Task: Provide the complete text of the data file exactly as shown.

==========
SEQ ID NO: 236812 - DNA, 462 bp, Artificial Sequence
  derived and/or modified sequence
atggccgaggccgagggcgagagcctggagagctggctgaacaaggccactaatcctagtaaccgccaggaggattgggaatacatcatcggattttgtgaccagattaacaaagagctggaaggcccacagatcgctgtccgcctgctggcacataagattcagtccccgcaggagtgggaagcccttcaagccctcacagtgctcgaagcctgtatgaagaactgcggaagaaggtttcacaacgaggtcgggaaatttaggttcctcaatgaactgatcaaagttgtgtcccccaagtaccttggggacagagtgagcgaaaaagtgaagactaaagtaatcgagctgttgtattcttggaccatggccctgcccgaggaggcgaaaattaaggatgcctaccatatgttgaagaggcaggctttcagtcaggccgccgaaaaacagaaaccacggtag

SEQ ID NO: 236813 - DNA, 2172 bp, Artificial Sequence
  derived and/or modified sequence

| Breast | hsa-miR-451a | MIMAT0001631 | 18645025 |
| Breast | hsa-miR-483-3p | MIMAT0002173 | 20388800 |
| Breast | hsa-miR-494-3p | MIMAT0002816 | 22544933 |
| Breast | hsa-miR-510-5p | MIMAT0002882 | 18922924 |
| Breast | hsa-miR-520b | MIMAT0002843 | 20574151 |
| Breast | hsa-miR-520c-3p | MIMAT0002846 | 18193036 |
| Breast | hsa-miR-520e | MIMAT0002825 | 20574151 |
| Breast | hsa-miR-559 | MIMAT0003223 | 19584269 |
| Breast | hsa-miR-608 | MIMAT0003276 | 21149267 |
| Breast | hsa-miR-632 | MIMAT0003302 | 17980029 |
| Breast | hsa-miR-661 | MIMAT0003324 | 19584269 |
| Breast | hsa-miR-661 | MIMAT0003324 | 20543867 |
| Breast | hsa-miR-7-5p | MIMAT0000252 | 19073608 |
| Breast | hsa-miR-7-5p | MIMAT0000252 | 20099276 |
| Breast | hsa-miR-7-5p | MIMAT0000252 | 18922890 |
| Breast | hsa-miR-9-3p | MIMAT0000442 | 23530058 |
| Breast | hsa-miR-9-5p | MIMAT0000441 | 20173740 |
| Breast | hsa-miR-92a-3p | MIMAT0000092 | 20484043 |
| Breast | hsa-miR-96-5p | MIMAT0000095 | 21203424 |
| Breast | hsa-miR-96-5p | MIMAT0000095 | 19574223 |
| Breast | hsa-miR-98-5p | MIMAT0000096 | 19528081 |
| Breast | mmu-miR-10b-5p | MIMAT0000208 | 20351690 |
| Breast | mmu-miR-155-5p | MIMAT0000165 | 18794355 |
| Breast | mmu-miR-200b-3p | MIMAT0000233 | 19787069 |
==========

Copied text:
SEQ ID NO: 236812 - DNA, 462 bp, Artificial Sequence
  derived and/or modified sequence
atggccgaggccgagggcgagagcctggagagctggctgaacaaggccactaatcctagtaaccgccaggaggattgggaatacatcatcggattttgtgaccagattaacaaagagctggaaggcccacagatcgctgtccgcctgctggcacataagattcagtccccgcaggagtgggaagcccttcaagccctcacagtgctcgaagcctgtatgaagaactgcggaagaaggtttcacaacgaggtcgggaaatttaggttcctcaatgaactgatcaaagttgtgtcccccaagtaccttggggacagagtgagcgaaaaagtgaagactaaagtaatcgagctgttgtattcttggaccatggccctgcccgaggaggcgaaaattaaggatgcctaccatatgttgaagaggcaggctttcagtcaggccgccgaaaaacagaaaccacggtag

SEQ ID NO: 236813 - DNA, 2172 bp, Artificial Sequence
  derived and/or modified sequence

| Breast | hsa-miR-451a | MIMAT0001631 | 18645025 |
| Breast | hsa-miR-483-3p | MIMAT0002173 | 20388800 |
| Breast | hsa-miR-494-3p | MIMAT0002816 | 22544933 |
| Breast | hsa-miR-510-5p | MIMAT0002882 | 18922924 |
| Breast | hsa-miR-520b | MIMAT0002843 | 20574151 |
| Breast | hsa-miR-520c-3p | MIMAT0002846 | 18193036 |
| Breast | hsa-miR-520e | MIMAT0002825 | 20574151 |
| Breast | hsa-miR-559 | MIMAT0003223 | 19584269 |
| Breast | hsa-miR-608 | MIMAT0003276 | 21149267 |
| Breast | hsa-miR-632 | MIMAT0003302 | 17980029 |
| Breast | hsa-miR-661 | MIMAT0003324 | 19584269 |
| Breast | hsa-miR-661 | MIMAT0003324 | 20543867 |
| Breast | hsa-miR-7-5p | MIMAT0000252 | 19073608 |
| Breast | hsa-miR-7-5p | MIMAT0000252 | 20099276 |
| Breast | hsa-miR-7-5p | MIMAT0000252 | 18922890 |
| Breast | hsa-miR-9-3p | MIMAT0000442 | 23530058 |
| Breast | hsa-miR-9-5p | MIMAT0000441 | 20173740 |
| Breast | hsa-miR-92a-3p | MIMAT0000092 | 20484043 |
| Breast | hsa-miR-96-5p | MIMAT0000095 | 21203424 |
| Breast | hsa-miR-96-5p | MIMAT0000095 | 19574223 |
| Breast | hsa-miR-98-5p | MIMAT0000096 | 19528081 |
| Breast | mmu-miR-10b-5p | MIMAT0000208 | 20351690 |
| Breast | mmu-miR-155-5p | MIMAT0000165 | 18794355 |
| Breast | mmu-miR-200b-3p | MIMAT0000233 | 19787069 |